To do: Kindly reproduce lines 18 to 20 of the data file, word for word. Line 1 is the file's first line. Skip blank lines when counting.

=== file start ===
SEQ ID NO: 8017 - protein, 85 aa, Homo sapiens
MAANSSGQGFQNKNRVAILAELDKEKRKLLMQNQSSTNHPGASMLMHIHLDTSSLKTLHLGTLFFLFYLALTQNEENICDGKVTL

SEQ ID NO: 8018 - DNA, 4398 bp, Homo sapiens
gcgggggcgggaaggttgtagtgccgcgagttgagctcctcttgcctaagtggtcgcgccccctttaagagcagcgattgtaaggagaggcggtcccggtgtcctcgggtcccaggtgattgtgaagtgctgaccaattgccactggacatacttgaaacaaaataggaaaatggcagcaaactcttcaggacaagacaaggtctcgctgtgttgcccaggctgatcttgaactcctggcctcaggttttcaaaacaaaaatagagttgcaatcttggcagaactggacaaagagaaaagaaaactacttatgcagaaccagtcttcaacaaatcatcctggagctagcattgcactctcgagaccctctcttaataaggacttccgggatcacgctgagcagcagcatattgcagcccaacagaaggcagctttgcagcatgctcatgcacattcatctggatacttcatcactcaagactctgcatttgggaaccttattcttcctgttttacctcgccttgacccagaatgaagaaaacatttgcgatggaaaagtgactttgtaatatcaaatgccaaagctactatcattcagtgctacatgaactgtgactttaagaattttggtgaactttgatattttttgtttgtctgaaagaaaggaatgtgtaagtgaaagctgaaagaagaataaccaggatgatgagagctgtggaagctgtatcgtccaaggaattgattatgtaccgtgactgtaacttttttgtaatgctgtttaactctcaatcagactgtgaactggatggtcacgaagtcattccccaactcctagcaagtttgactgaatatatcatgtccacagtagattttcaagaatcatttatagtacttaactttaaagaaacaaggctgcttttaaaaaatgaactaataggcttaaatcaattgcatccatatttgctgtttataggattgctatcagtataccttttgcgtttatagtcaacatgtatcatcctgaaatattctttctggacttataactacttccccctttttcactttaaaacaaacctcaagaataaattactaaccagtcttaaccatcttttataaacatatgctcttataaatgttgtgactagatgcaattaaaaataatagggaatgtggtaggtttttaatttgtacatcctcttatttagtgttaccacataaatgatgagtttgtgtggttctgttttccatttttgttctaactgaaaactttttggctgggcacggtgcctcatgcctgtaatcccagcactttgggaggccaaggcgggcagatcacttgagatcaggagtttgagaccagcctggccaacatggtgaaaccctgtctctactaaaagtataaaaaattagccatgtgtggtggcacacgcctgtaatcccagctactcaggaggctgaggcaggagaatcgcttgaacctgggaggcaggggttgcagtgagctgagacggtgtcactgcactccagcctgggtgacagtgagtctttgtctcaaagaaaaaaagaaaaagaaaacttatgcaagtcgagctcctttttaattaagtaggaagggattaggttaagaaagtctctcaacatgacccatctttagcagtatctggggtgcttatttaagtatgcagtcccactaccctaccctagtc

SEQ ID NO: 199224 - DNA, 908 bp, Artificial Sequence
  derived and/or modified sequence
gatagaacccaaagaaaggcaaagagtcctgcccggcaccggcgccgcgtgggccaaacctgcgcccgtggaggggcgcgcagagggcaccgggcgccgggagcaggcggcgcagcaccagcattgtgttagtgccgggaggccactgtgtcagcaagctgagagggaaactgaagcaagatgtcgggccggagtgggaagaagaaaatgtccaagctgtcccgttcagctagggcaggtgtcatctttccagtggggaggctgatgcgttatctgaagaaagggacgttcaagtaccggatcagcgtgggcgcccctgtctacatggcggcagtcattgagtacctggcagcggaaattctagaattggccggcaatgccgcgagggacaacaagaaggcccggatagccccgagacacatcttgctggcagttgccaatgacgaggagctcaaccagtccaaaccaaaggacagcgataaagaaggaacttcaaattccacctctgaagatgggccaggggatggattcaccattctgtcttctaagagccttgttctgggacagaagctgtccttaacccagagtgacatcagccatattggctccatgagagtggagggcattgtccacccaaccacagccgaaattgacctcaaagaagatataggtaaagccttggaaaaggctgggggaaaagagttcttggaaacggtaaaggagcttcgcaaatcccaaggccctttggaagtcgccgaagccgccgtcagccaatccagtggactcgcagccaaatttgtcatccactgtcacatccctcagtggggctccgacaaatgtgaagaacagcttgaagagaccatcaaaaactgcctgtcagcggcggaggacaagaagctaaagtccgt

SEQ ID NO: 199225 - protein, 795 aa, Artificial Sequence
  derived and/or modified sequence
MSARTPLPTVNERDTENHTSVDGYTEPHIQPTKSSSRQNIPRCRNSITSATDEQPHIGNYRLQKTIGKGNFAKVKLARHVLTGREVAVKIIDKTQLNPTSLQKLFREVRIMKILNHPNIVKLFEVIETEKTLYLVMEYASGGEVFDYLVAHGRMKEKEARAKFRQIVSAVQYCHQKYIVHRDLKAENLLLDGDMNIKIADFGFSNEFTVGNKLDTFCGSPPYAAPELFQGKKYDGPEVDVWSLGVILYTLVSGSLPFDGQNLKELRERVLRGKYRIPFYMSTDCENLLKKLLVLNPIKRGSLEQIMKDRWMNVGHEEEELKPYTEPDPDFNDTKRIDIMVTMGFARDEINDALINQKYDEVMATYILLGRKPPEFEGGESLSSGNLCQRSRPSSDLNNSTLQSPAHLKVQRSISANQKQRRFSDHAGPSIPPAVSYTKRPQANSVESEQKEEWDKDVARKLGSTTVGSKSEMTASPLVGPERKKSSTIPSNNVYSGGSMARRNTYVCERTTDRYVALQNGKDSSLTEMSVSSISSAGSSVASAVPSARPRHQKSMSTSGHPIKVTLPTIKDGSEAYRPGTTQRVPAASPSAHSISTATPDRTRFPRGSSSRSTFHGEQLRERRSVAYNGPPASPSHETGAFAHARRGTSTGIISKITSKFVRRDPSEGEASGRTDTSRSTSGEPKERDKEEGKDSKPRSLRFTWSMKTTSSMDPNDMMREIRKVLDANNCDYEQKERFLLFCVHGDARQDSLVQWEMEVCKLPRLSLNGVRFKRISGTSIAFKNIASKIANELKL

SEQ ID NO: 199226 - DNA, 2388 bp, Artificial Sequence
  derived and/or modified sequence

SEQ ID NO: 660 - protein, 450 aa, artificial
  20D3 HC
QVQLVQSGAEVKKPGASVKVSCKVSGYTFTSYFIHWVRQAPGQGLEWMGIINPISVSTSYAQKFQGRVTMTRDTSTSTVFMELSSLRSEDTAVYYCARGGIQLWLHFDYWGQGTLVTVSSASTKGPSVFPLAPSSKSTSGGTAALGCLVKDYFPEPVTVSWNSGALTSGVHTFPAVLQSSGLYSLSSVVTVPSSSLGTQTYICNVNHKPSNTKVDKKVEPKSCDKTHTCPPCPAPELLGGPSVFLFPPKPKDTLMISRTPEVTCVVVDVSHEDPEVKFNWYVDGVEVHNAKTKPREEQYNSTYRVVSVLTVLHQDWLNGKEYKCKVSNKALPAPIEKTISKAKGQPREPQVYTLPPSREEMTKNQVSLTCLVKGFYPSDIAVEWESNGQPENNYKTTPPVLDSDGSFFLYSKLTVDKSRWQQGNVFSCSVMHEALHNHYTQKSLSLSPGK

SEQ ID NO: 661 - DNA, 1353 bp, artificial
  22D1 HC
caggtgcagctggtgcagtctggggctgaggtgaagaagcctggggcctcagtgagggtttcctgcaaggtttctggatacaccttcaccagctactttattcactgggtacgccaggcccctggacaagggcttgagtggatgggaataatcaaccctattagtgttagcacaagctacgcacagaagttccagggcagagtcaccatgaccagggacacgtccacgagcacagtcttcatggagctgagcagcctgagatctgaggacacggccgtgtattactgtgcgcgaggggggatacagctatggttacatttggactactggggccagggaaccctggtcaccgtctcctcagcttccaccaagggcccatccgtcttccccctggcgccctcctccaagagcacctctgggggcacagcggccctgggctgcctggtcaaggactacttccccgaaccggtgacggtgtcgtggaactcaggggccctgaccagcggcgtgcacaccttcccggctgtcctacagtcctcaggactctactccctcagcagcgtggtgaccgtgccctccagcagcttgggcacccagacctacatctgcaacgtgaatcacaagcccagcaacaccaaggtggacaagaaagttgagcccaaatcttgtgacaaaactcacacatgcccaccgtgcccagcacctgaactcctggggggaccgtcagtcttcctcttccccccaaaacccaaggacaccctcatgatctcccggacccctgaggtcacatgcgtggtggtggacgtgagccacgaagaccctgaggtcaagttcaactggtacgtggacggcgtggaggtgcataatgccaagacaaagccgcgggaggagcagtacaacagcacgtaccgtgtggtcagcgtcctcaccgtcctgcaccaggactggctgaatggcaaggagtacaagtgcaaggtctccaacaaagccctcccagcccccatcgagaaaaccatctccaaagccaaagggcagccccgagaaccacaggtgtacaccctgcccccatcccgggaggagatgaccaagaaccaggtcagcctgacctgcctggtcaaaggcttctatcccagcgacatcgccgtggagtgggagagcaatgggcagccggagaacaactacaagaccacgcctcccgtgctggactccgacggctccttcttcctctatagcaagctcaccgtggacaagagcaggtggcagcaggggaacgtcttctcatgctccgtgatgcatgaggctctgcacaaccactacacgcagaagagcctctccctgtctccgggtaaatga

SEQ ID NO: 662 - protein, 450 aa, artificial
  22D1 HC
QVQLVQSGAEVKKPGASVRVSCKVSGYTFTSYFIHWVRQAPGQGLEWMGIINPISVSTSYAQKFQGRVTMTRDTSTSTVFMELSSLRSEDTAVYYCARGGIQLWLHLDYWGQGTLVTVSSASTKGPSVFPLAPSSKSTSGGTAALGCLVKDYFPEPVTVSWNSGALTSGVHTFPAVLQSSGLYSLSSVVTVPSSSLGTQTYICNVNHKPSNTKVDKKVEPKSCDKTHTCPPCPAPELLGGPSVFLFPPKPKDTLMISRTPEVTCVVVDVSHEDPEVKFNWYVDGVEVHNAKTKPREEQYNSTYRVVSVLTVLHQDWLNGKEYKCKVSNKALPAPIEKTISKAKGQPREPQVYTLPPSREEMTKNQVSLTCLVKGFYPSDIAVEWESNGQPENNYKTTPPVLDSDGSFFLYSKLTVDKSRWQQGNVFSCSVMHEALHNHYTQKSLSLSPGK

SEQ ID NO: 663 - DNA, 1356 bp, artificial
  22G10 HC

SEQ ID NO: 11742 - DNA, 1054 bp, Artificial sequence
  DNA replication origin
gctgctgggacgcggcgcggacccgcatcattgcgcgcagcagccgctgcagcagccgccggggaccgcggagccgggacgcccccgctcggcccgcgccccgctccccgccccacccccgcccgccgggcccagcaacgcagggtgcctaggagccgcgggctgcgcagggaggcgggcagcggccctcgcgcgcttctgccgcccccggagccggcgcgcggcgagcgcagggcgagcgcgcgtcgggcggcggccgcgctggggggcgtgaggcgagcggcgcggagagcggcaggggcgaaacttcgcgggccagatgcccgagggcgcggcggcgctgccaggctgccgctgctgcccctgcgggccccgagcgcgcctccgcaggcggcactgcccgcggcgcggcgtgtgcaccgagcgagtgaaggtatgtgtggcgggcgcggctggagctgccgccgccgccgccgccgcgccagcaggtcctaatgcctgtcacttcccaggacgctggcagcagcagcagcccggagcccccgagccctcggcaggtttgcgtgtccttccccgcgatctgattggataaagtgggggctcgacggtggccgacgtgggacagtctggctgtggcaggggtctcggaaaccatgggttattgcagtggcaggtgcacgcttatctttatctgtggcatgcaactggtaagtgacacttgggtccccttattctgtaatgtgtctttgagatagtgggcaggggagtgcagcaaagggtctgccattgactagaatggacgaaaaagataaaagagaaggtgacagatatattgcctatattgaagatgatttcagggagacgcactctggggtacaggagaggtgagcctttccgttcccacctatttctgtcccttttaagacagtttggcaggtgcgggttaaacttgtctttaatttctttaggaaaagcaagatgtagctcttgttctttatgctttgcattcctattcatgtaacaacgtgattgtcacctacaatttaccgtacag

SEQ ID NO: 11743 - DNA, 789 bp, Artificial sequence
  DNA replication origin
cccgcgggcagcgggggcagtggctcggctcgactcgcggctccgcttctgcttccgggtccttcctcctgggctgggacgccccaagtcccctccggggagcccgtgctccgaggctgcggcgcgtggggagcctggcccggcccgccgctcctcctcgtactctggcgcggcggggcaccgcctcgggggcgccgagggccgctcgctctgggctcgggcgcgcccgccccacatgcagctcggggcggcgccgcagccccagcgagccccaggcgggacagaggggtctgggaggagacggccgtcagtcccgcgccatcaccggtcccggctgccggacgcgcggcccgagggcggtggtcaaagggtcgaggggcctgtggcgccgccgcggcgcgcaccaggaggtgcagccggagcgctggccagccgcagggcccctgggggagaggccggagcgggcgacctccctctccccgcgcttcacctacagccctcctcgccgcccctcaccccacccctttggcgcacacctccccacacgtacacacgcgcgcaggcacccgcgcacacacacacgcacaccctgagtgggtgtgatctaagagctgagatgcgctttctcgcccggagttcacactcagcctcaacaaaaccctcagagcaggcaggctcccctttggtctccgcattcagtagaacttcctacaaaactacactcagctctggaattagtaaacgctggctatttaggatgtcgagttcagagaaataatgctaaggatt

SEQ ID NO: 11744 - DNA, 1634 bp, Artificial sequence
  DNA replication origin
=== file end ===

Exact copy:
caggtgcagctggtgcagtctggggctgaggtgaagaagcctggggcctcagtgagggtttcctgcaaggtttctggatacaccttcaccagctactttattcactgggtacgccaggcccctggacaagggcttgagtggatgggaataatcaaccctattagtgttagcacaagctacgcacagaagttccagggcagagtcaccatgaccagggacacgtccacgagcacagtcttcatggagctgagcagcctgagatctgaggacacggccgtgtattactgtgcgcgaggggggatacagctatggttacatttggactactggggccagggaaccctggtcaccgtctcctcagcttccaccaagggcccatccgtcttccccctggcgccctcctccaagagcacctctgggggcacagcggccctgggctgcctggtcaaggactacttccccgaaccggtgacggtgtcgtggaactcaggggccctgaccagcggcgtgcacaccttcccggctgtcctacagtcctcaggactctactccctcagcagcgtggtgaccgtgccctccagcagcttgggcacccagacctacatctgcaacgtgaatcacaagcccagcaacaccaaggtggacaagaaagttgagcccaaatcttgtgacaaaactcacacatgcccaccgtgcccagcacctgaactcctggggggaccgtcagtcttcctcttccccccaaaacccaaggacaccctcatgatctcccggacccctgaggtcacatgcgtggtggtggacgtgagccacgaagaccctgaggtcaagttcaactggtacgtggacggcgtggaggtgcataatgccaagacaaagccgcgggaggagcagtacaacagcacgtaccgtgtggtcagcgtcctcaccgtcctgcaccaggactggctgaatggcaaggagtacaagtgcaaggtctccaacaaagccctcccagcccccatcgagaaaaccatctccaaagccaaagggcagccccgagaaccacaggtgtacaccctgcccccatcccgggaggagatgaccaagaaccaggtcagcctgacctgcctggtcaaaggcttctatcccagcgacatcgccgtggagtgggagagcaatgggcagccggagaacaactacaagaccacgcctcccgtgctggactccgacggctccttcttcctctatagcaagctcaccgtggacaagagcaggtggcagcaggggaacgtcttctcatgctccgtgatgcatgaggctctgcacaaccactacacgcagaagagcctctccctgtctccgggtaaatga

SEQ ID NO: 662 - protein, 450 aa, artificial
  22D1 HC